PR and journalism – A marriage made in heaven?



The often love-hate relationship between PR and journalist has fascinated me from the day I began my career. Every PR has encountered the full range of journalist ‘types’, from the old school hack to the pushy ‘I need it right now’ headline hunter.

Journalists may also have their well-publicised gripes with PRs and while we too have our different types and bad habits, we are certainly not the journalist’s enemy. The increasing pace of change within the media has meant that both journalist and PR need each other ultimately for the same goal – good copy that educates, entertains or informs.

The fact is that both PR and journalist can acknowledge someone that is good at their job and those that do, prosper. As with every relationship, both sides could do a couple of things to make things run smoother. Below are some simple tips that may help – throughout the overriding theme is ‘give-and-take’:


  • Make an effort to find out which PRs handle the industry or topics you cover
  • Suggest ‘off the record’ coffee meetings with PRs
  • Go through PRs and not directly to spokespeople, which will always take longer
  • By recognising and acknowledging a PR’s value, he/she is far more likely to help you gain access to the person you need in a timely and efficient manner
  • If you hear of or receive a good pitch that isn’t your beat, suggest who the right journalist is. A PR may return the favour with an exclusive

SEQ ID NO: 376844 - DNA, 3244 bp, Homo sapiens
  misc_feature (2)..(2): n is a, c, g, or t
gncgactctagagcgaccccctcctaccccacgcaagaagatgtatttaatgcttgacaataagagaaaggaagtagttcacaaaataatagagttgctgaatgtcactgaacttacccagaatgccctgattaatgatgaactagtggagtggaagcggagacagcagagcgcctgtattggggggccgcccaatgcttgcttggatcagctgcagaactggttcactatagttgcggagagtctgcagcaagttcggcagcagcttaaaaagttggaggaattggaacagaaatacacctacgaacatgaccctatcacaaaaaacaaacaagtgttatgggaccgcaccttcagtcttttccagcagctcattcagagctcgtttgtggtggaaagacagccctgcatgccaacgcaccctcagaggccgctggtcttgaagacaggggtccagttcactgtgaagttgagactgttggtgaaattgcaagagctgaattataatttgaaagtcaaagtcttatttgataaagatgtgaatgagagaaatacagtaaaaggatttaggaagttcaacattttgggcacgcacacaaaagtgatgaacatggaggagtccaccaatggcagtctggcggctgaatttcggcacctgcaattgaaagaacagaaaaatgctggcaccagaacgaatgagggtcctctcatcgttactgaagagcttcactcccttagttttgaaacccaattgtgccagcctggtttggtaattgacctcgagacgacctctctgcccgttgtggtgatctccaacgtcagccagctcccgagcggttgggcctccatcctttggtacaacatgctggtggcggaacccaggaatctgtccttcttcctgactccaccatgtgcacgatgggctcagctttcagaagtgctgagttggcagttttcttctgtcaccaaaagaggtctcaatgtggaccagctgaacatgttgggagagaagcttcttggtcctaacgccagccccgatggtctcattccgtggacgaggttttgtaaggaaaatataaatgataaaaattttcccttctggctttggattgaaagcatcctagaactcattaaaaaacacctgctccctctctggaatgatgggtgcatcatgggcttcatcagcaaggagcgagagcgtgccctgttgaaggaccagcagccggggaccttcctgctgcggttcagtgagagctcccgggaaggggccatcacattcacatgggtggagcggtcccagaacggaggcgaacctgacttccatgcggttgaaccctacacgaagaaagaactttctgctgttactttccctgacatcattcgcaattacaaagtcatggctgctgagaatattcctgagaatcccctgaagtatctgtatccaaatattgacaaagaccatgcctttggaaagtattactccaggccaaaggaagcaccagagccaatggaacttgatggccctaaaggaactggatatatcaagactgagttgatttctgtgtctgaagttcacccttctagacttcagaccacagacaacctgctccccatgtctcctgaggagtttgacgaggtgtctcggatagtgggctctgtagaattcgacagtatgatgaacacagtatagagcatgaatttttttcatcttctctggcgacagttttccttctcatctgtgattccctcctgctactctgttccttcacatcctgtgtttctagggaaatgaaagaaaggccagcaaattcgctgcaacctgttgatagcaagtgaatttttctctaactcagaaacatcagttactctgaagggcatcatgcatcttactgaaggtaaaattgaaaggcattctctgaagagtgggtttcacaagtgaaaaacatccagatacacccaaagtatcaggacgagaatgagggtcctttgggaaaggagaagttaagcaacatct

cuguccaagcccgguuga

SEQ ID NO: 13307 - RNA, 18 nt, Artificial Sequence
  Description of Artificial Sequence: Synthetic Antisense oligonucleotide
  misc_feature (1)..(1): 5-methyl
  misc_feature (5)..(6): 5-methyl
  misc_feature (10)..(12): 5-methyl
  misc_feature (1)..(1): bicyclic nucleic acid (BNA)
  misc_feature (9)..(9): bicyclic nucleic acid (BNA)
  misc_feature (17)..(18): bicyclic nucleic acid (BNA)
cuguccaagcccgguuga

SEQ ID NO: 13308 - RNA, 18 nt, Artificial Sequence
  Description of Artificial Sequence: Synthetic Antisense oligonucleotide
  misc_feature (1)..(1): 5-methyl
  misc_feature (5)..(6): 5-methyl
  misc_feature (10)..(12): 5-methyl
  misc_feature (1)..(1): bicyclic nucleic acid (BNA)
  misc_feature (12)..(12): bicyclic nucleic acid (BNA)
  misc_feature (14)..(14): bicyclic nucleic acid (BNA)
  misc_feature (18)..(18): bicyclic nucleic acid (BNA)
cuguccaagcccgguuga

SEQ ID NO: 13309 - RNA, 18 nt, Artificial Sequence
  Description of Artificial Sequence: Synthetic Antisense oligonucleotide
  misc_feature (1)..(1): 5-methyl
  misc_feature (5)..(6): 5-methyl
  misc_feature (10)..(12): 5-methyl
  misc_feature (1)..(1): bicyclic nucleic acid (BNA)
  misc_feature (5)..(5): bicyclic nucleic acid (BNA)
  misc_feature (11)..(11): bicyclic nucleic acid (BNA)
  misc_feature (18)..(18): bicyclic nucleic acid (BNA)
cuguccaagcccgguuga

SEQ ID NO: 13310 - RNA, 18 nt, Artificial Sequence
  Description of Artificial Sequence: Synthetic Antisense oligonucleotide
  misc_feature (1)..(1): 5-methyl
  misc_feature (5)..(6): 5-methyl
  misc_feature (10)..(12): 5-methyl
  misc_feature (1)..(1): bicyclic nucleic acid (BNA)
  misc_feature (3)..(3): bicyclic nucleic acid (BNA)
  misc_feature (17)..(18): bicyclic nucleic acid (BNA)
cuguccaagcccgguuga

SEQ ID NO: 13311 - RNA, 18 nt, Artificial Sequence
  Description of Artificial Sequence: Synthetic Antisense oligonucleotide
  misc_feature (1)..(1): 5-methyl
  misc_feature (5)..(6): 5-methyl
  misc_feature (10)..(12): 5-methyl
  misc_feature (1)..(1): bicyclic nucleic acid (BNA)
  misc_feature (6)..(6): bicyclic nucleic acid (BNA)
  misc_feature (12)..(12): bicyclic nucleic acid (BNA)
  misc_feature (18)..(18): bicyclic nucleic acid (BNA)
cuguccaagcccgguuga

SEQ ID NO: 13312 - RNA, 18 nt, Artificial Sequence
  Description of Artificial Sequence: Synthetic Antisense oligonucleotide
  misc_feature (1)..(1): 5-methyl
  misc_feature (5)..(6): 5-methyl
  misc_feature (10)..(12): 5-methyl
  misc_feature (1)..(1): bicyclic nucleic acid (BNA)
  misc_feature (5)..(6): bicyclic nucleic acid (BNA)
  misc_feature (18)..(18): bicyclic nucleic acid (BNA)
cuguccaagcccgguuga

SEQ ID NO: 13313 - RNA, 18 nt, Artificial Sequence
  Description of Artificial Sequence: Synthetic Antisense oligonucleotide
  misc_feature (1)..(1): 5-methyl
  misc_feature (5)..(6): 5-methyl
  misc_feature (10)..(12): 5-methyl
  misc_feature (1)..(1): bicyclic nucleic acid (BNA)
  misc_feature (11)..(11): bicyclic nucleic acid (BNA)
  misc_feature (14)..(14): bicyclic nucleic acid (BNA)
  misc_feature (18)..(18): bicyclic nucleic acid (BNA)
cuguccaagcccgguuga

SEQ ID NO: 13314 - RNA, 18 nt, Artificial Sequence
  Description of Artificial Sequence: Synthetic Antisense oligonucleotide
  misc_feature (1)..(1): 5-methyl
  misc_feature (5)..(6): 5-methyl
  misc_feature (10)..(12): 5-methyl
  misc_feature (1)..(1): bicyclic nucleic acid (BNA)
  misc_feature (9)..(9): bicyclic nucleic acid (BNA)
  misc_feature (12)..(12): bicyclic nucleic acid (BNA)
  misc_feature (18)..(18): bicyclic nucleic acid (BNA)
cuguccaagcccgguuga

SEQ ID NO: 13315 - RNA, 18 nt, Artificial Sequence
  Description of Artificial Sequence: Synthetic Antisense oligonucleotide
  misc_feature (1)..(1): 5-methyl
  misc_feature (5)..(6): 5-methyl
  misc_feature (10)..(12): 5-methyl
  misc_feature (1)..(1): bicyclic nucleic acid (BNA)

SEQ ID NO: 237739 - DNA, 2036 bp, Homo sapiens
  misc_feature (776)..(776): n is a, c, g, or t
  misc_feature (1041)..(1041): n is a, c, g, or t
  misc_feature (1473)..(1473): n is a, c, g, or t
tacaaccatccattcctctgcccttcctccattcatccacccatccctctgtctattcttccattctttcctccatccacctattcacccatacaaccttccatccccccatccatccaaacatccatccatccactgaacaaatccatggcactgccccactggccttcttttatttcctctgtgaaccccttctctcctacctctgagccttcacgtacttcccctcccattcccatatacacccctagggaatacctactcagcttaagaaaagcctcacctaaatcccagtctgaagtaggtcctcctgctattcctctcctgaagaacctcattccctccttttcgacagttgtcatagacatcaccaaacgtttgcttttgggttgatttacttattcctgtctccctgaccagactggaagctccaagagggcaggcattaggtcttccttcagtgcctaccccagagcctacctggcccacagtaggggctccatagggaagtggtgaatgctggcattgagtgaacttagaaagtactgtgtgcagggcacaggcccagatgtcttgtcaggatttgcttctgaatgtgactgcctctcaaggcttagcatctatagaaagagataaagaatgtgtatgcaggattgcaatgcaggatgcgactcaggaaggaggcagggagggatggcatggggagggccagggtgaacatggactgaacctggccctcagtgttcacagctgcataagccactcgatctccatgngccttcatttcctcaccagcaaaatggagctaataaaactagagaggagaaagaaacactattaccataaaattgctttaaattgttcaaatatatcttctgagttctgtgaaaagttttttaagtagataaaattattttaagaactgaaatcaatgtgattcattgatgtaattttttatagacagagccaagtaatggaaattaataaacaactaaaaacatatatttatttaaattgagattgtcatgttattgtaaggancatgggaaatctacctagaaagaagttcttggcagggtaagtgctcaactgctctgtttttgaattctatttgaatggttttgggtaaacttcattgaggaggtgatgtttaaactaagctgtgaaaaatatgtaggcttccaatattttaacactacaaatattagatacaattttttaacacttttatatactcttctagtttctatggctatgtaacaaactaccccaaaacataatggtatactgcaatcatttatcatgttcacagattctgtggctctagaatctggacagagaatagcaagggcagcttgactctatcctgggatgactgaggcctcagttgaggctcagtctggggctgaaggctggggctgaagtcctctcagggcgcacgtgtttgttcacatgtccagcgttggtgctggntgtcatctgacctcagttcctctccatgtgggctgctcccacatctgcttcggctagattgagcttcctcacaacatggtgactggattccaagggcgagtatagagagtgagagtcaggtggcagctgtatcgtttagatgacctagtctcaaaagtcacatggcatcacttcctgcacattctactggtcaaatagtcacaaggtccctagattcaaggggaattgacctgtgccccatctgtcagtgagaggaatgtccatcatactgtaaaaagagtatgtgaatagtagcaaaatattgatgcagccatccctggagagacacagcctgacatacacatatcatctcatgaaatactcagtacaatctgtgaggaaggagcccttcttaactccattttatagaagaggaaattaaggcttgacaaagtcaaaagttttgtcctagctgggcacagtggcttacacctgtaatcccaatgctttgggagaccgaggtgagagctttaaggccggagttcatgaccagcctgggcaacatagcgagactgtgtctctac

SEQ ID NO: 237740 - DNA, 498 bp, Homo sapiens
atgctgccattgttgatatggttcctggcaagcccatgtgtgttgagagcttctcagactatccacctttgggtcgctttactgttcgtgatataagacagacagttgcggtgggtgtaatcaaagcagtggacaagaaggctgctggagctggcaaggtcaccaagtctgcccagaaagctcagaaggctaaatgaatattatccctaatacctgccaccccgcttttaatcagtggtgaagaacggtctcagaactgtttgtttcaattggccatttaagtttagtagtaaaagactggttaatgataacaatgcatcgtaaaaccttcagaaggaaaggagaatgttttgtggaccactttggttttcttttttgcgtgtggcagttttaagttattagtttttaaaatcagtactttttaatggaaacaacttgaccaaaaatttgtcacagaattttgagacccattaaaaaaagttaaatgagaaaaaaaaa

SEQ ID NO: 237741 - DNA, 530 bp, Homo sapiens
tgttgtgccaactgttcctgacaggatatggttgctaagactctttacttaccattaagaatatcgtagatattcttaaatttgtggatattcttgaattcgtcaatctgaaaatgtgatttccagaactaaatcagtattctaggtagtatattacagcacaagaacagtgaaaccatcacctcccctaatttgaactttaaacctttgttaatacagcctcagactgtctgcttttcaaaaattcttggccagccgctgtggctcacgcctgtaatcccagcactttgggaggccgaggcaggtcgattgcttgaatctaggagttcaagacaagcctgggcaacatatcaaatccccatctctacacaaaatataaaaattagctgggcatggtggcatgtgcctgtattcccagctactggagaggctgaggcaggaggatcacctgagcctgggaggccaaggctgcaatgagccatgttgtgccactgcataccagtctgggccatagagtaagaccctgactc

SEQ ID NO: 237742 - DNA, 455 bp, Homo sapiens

• No story is worthless, dealing with it in a respectful manner will mean the PR comes back to you first the next time and this time it could be big
  • Be resourceful wherever possible. Don’t assign news value to something that lacks it, but don’t ignore something just because it’s only worth two lines instead of 1,000 words


  • Read and understand the media you are attempting to work with
  • Make sure you know which journalists cover your client’s beat
  • Don’t pitch suggestions for stories that journalists have already written
  • Know journalist deadlines!
  • Help journalists find stories that can supplement your client’s news
  • Use ‘off the record’ exclusives appropriately where you can
  • Get to know journalists (at all levels). Go for coffee, discuss your clients and any upcoming news for each including the names of spokespeople
  • Help connect journalists to your colleague’s clients
  • Ask them what kind of topics you can help provide sources for
  • Find out what interests journalists outside of work. Could your client hold an event?


PRs that do not conform to the way a journalist operates will be left by the wayside with frustrated clients wanting answers. Like any business relationship, establishing a level of trust that leads to respect is imperative to get the best from both sides.

More and more good journalists have understood that they need PRs to gain access to information and spokespeople. This is as a result of the PR industry establishing trust with senior management and proving that it can add significant value at board level. Companies in the UK and internationally have put in place systems that channel their external communications, making rogue company spokespeople a rarity. The relationship between PR and journalist is set to be stronger than ever.




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